Newspaper article Evening Chronicle (Newcastle, England)

Paying Tribute to Those Who Have Passed Away; LOOKING BACK AT A YEAR OF LOSS ACROSS BOTH THE WORLD AND THE NORTH

Newspaper article Evening Chronicle (Newcastle, England)

Paying Tribute to Those Who Have Passed Away; LOOKING BACK AT A YEAR OF LOSS ACROSS BOTH THE WORLD AND THE NORTH

Article excerpt

Byline: ALASTAIR CRAIG

IN the last 12 months the North East and the world have faced the sad loss of much-loved and respected people.

From Afghanistan soldiers, to sporting legends and brave children, 2009 will be remembered by many families.

The passing which caught most of the hearts of people on Tyneside was that of Sir Bobby Robson in July, aged 76.

Over 50,000 of Newcastle United's broken-hearted supporters streamed into St James' Park, queuing for hours for a moment's reflection on Sir Bobby's life which was lost to cancer. Newcastle United strips spanning the generations were laid at the Leazes End as the most fitting tribute to the man who lived for football.

Photographs depicting Sir Bobby as a young man and the legend he became looked down from the stand on to the pitch he loved best, both as a fan and a manager.

A memorial service at Durham Cathedral was attended by football's great names and members of Sir Bobby's Italia '90 World Cup squad, including Gary Lineker, Paul Gascoigne and Stuart Pearce.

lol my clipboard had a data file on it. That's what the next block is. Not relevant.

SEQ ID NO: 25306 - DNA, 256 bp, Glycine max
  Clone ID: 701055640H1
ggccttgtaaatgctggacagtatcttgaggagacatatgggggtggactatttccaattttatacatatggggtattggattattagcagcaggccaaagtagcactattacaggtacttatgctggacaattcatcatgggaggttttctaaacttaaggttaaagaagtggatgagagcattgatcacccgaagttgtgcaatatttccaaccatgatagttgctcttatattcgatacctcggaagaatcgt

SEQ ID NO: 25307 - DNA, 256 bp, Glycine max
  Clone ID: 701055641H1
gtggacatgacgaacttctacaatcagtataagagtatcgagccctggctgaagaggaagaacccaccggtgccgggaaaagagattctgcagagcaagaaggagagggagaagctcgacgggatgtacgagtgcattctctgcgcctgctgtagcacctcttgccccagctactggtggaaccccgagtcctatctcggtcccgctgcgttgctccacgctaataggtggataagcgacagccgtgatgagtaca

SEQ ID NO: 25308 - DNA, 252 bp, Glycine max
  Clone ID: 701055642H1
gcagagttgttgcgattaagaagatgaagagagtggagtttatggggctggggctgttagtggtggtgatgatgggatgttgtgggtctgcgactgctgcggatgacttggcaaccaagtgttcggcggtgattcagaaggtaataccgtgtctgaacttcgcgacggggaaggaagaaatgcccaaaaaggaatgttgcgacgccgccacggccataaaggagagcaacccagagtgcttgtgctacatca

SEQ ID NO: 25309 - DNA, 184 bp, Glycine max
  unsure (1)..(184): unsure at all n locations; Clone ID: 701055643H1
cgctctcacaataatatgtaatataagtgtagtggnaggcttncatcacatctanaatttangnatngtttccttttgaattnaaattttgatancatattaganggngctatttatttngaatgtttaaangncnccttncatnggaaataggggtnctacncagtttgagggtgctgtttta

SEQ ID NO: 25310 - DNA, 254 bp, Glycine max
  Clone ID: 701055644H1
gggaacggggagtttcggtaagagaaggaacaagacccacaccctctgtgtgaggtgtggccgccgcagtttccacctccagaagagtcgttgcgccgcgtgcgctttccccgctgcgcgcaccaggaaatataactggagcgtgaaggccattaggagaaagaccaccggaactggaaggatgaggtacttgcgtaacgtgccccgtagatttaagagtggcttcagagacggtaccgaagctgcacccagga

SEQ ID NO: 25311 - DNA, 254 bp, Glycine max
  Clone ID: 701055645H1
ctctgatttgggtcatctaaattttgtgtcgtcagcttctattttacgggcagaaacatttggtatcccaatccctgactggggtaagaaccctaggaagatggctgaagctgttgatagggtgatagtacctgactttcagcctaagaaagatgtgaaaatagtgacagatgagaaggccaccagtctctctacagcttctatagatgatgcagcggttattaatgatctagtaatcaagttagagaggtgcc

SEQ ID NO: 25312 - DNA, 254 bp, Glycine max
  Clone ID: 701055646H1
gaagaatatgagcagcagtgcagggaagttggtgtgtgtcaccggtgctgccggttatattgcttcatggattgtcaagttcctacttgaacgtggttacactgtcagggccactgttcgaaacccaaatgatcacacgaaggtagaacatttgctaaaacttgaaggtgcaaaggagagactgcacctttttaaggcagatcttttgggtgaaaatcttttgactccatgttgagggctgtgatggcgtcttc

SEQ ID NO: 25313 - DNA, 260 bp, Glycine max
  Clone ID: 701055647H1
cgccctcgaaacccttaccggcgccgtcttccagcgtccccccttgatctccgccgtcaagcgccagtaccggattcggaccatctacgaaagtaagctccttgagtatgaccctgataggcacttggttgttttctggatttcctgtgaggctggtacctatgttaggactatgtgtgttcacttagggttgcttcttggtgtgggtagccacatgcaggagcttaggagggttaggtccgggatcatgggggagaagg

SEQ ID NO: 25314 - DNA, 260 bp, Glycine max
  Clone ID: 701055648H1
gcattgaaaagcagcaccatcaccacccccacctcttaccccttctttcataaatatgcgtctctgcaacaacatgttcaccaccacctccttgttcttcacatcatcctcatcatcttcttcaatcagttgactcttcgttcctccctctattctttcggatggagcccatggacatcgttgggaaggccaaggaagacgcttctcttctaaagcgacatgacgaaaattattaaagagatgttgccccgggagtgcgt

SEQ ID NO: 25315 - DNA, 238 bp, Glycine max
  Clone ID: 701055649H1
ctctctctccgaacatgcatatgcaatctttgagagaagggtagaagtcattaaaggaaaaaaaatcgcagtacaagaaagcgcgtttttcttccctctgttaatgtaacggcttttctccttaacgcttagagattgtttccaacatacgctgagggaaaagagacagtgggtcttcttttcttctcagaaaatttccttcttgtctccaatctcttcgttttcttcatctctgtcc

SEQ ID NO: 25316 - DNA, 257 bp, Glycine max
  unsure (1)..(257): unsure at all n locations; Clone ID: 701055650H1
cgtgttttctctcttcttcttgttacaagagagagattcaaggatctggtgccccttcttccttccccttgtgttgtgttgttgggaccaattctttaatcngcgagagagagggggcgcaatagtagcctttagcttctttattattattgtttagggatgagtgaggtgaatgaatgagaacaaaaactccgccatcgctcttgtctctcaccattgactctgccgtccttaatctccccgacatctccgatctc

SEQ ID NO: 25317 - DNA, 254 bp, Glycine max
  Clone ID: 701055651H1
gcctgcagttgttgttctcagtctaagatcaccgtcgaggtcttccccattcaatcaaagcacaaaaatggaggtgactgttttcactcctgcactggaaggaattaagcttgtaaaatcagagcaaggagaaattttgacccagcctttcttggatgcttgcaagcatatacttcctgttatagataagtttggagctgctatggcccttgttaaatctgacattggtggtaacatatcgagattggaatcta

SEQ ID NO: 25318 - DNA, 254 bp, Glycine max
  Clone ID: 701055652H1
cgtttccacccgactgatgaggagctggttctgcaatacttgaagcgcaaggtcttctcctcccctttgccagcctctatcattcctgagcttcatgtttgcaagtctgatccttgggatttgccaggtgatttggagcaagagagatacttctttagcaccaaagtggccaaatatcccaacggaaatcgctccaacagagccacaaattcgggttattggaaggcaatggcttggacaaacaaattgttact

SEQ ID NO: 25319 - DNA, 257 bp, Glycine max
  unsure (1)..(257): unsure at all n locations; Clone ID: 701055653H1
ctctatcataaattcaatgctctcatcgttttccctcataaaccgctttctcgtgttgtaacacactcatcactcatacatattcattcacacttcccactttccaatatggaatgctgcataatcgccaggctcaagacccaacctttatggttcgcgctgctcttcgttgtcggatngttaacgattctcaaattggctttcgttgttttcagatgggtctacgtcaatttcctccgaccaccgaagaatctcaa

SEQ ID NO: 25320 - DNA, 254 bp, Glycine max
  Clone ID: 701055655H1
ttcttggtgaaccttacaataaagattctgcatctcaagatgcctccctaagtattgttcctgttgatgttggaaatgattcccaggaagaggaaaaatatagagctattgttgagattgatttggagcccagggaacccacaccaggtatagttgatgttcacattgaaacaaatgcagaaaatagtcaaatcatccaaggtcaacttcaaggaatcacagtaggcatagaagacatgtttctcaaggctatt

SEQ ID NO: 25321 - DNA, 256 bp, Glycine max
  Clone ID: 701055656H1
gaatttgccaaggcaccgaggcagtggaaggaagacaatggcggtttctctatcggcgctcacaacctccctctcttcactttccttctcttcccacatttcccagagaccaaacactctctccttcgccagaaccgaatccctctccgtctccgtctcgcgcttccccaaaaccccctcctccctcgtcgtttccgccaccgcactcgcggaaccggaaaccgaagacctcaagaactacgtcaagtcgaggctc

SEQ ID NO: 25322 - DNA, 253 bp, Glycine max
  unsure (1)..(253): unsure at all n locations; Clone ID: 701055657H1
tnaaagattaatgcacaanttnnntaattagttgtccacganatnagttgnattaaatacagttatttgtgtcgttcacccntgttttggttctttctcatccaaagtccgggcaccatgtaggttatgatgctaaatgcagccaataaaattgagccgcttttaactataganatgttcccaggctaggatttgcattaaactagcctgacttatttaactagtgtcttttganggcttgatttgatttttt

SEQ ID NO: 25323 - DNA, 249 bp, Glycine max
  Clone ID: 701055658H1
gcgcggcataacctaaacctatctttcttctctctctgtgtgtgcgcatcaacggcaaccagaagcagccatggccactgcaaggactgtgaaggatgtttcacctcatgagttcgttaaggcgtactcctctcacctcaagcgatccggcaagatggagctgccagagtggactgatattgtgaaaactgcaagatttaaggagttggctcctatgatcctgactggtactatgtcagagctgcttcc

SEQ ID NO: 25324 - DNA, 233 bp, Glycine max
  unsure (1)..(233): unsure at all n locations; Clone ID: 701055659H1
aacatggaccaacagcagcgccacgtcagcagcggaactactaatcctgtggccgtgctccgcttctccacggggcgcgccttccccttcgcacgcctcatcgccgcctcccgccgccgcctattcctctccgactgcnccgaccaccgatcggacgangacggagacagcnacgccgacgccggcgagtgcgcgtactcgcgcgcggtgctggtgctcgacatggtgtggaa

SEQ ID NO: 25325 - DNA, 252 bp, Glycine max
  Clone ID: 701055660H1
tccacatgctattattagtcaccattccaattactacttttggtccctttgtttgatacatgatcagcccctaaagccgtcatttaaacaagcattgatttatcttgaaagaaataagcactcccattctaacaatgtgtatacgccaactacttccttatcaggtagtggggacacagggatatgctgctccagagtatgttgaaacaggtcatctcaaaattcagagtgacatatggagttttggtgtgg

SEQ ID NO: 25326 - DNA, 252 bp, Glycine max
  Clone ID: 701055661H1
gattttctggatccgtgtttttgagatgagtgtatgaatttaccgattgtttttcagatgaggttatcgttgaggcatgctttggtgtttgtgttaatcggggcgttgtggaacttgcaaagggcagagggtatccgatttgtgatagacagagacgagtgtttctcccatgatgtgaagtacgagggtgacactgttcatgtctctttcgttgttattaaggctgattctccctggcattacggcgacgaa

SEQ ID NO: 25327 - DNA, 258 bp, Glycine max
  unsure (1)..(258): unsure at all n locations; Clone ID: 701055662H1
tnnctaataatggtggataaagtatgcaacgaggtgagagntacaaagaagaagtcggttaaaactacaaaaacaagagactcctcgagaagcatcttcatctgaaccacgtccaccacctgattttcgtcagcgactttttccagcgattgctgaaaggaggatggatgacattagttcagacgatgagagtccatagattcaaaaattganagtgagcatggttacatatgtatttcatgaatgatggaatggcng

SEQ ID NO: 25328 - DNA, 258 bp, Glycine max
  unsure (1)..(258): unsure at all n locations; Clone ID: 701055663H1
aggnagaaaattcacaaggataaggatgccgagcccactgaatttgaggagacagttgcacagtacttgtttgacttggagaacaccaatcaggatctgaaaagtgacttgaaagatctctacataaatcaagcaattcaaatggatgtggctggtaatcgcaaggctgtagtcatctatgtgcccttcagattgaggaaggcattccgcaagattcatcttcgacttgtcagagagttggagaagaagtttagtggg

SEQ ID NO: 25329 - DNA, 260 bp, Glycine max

Sir Bobby's death touched the nation, and came shortly after King of Pop Michael Jackson passed away in June.

The Thriller singer collapsed with heart failure at his mansion in Los Angeles and the music world mourned in their millions.

The celebrity world also lost Eas-tenders actress Wendy Richard, who played Pauline Fowler, in February and Big Brother contestant Jade Goody in March.

The continuing war in Afghanistan has taken its toll on North East families.

Three of our soldiers were among the 106 British servicemen and women killed during 2009, making it the deadliest year for the Armed Forces since the bloody Falklands conflict in 1982.

In August, Rifleman Daniel Wild, 19, from Easington Colliery, County Durham, was killed in a bomb blast while trying to save the life of a comrade.

One soldier was wounded in the initial attack in Helmand Province, and Daniel, from 2nd Battalion The Rifles, was carrying him to a helicopter landing zone when there was a second explosion.

In November, Sgt John Amer, 30, from Sunderland, died from fatal wounds suffered in a blast in the Babaji area of Helmand while trying to rescue a colleague who had been maimed in another explosion.

His grieving wife, Sue, paid tribute to her "hero" husband as hundreds gathered for a full military funeral near his home.

And just last week, Lance Corporal Christopher Roney, 23, from Sunderland, of 3rd Battalion The Rifles, died from wounds he sustained in a firefight near Sangin, Helmand. July mourned the loss of Britain's last two First World War veterans, Henry Allingham and Harry Patch, who died just days apart.

Mr Allingham was 113, and the oldest surviving hero of the Great War, as well as the last man from the infamous Battle of Jutland. …

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